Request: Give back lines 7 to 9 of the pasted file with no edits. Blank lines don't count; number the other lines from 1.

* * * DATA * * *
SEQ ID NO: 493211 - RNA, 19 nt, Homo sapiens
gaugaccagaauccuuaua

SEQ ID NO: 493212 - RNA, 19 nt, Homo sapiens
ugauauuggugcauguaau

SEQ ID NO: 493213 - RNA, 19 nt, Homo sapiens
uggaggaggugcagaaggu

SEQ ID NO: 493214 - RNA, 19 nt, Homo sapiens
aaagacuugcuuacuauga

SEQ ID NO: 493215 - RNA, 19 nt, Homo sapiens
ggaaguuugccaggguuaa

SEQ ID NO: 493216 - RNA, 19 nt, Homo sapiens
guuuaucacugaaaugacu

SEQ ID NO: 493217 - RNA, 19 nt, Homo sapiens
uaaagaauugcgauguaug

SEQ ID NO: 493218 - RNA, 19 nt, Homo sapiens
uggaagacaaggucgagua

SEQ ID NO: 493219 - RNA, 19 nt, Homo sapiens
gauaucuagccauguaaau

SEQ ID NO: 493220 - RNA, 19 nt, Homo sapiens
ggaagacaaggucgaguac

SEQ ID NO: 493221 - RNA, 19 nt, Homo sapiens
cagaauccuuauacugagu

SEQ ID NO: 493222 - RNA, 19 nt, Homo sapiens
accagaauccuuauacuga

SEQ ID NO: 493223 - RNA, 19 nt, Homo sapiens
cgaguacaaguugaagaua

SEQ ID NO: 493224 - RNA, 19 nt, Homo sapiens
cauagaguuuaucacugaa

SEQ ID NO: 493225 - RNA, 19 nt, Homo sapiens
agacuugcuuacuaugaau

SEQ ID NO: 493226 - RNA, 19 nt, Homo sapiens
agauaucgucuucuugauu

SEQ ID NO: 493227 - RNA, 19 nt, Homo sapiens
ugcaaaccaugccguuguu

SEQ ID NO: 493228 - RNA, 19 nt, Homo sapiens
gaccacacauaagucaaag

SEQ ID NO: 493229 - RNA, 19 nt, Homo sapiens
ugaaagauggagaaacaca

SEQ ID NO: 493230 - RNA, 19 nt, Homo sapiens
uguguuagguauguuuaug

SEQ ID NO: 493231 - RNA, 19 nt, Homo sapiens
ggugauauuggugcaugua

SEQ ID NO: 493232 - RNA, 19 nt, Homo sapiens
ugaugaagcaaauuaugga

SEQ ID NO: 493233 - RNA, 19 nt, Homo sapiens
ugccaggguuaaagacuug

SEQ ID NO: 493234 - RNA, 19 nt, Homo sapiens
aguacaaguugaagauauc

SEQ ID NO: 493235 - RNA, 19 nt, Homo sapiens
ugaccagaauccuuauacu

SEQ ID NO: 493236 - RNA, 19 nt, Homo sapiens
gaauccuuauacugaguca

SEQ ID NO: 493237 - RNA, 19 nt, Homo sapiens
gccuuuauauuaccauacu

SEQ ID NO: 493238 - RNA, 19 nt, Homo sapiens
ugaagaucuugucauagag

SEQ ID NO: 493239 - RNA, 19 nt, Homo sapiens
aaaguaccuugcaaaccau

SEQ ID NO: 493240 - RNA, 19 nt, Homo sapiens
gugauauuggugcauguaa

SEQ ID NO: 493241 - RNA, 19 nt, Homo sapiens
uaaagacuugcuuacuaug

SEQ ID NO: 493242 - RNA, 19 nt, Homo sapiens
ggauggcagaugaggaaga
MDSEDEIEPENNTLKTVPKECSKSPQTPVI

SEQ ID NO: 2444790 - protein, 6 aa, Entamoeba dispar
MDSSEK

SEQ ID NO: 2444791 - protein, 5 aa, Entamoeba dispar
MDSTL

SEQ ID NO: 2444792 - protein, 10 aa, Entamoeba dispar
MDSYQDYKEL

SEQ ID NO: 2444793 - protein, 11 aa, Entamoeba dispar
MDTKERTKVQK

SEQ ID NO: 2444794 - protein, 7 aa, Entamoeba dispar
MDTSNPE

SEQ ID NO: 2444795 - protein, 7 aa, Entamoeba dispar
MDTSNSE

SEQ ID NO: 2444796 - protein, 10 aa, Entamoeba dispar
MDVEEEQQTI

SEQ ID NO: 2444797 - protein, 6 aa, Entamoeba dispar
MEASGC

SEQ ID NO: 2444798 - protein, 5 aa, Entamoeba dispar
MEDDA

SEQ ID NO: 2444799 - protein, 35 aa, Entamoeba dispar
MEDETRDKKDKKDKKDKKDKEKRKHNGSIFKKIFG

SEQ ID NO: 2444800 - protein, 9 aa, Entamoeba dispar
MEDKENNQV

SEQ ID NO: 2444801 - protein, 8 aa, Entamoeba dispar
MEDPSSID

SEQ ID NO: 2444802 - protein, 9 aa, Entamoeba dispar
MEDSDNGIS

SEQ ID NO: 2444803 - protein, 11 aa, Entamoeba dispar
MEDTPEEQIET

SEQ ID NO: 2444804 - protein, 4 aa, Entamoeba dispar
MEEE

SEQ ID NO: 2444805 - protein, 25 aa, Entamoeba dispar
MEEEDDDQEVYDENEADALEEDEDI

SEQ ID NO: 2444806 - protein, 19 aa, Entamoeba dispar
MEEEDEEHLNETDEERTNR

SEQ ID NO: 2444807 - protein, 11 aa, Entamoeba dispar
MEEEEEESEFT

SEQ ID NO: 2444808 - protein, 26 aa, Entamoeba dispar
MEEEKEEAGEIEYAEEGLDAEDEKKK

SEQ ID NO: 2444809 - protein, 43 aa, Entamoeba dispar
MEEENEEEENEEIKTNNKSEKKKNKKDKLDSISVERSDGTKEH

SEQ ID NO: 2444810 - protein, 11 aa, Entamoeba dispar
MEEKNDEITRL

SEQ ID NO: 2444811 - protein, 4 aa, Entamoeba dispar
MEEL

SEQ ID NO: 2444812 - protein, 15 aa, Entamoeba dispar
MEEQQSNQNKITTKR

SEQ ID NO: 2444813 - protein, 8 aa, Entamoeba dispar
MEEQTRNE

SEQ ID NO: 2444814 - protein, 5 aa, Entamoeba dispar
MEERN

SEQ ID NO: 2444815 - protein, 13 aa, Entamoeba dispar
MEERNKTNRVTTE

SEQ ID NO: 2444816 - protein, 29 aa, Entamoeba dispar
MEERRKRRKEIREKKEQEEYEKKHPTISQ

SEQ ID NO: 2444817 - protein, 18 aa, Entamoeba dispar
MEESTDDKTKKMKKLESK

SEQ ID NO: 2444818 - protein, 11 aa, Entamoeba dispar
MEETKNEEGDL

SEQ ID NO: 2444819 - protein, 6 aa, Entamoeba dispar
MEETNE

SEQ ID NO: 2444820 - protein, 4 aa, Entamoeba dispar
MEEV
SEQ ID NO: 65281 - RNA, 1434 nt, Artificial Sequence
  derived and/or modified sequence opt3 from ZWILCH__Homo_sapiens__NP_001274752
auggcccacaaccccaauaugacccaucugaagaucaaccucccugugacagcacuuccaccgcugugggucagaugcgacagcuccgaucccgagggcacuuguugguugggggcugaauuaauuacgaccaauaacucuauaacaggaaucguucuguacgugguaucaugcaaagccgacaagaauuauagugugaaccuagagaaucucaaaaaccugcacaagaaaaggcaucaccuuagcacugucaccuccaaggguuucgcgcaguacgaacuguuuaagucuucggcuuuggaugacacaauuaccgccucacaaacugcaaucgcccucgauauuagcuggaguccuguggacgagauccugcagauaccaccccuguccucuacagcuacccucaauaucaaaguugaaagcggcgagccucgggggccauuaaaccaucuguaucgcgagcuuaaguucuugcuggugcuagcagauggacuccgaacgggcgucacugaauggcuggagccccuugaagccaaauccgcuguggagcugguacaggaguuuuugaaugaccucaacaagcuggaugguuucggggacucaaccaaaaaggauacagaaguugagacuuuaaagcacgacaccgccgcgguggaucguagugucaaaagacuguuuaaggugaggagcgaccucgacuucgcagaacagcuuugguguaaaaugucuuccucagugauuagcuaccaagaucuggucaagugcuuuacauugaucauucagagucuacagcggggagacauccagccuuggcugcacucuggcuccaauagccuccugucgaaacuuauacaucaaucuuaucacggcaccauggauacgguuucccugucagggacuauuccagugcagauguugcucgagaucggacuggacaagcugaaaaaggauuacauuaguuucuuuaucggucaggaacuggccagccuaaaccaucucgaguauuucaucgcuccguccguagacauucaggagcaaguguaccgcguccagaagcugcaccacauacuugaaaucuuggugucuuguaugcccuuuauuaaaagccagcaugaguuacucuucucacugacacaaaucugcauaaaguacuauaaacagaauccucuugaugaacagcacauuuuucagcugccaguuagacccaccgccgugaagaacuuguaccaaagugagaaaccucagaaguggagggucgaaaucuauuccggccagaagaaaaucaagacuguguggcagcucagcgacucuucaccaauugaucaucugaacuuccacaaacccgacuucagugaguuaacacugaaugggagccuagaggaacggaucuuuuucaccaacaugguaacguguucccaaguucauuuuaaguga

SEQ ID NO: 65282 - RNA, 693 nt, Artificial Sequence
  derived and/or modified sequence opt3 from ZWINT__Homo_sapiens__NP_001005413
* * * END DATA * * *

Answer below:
SEQ ID NO: 493214 - RNA, 19 nt, Homo sapiens
aaagacuugcuuacuauga

SEQ ID NO: 493215 - RNA, 19 nt, Homo sapiens